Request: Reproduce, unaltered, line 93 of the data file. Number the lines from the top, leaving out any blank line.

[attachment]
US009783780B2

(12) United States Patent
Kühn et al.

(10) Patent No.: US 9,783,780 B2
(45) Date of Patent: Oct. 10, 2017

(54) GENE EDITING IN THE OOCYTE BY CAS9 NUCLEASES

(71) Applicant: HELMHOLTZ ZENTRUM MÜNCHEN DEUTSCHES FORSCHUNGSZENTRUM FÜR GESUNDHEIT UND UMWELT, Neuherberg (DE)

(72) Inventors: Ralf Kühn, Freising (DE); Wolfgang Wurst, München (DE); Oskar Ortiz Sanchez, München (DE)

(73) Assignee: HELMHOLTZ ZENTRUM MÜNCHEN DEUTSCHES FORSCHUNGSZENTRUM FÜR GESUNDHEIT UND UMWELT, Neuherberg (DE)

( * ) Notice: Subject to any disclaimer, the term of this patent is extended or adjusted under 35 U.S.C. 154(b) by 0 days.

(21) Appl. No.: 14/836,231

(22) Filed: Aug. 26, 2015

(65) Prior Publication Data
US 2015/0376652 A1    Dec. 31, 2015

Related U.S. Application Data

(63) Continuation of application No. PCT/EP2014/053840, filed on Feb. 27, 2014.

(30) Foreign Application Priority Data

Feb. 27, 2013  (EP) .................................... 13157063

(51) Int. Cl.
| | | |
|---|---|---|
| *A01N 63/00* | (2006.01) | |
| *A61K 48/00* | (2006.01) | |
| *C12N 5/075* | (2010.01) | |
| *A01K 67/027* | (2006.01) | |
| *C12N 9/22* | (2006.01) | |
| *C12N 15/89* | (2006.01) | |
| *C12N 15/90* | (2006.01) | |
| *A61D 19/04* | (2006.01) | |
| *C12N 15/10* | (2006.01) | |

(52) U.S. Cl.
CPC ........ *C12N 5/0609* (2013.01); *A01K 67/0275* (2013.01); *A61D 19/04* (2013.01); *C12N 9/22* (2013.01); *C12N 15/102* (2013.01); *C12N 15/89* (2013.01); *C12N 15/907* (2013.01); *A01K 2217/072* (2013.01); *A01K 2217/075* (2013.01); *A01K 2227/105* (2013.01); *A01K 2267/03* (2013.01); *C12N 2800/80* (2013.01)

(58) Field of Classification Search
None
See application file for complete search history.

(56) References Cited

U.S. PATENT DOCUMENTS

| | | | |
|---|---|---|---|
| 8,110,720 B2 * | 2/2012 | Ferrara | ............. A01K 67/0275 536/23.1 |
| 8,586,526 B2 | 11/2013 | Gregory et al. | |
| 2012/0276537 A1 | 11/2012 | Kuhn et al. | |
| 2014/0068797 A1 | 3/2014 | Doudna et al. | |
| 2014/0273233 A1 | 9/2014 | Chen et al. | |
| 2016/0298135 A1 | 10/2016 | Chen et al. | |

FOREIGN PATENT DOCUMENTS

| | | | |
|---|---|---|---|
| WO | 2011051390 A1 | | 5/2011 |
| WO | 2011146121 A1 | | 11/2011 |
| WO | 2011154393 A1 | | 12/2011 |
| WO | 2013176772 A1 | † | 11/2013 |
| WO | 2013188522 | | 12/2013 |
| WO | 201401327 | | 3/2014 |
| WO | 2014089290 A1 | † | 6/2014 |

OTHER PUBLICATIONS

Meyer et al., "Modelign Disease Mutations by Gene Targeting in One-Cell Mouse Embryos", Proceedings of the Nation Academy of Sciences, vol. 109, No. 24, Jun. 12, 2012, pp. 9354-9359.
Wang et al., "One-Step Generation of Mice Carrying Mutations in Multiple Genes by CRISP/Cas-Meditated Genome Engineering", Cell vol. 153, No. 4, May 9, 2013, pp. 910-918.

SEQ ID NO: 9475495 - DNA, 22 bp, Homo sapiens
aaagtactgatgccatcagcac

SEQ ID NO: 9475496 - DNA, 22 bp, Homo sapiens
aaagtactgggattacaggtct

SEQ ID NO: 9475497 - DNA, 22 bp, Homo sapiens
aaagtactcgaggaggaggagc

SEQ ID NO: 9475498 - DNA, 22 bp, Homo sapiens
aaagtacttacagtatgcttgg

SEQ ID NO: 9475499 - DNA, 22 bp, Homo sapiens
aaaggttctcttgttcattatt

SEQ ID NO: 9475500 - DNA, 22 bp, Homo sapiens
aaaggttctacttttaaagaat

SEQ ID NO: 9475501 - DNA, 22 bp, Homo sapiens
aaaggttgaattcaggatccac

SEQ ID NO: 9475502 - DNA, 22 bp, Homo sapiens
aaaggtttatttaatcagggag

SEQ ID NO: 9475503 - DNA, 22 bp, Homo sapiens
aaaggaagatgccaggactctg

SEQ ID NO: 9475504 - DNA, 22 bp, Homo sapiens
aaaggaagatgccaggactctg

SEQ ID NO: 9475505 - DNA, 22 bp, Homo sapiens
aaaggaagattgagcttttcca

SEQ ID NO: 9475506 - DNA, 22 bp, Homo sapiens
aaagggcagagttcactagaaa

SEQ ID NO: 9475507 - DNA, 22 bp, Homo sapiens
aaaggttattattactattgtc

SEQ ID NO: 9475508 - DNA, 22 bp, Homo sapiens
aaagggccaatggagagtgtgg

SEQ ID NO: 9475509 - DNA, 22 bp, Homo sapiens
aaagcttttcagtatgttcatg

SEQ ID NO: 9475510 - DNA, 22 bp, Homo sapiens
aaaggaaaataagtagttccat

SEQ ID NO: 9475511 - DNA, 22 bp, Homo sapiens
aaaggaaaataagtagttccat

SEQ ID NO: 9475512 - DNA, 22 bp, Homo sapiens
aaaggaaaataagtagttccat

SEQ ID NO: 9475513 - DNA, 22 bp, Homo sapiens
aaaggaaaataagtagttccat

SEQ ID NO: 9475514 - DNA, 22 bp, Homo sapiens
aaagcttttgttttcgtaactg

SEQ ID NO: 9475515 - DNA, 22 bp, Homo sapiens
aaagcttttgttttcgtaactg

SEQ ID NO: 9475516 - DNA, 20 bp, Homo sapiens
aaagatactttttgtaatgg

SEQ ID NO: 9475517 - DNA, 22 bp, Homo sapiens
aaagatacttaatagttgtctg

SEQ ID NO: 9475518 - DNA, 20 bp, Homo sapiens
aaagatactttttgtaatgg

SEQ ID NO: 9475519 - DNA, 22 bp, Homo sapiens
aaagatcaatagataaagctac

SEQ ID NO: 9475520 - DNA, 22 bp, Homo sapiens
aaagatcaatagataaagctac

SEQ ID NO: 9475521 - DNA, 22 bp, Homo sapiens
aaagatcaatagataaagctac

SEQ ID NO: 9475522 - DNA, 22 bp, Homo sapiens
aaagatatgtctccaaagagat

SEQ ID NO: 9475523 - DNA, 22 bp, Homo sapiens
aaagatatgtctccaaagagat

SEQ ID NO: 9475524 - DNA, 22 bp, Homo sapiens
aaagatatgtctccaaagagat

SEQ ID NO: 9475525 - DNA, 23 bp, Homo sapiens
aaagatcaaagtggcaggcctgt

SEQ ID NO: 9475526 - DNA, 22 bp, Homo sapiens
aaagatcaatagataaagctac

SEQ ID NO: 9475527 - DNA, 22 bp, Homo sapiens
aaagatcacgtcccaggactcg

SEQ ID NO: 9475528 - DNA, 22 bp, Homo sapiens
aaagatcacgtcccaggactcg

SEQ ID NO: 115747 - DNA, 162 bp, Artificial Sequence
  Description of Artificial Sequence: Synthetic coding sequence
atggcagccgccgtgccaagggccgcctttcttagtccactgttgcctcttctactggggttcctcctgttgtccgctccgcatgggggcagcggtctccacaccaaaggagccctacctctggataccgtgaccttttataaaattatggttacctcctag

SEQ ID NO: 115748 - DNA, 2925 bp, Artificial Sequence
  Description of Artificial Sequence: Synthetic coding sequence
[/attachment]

SEQ ID NO: 9475512 - DNA, 22 bp, Homo sapiens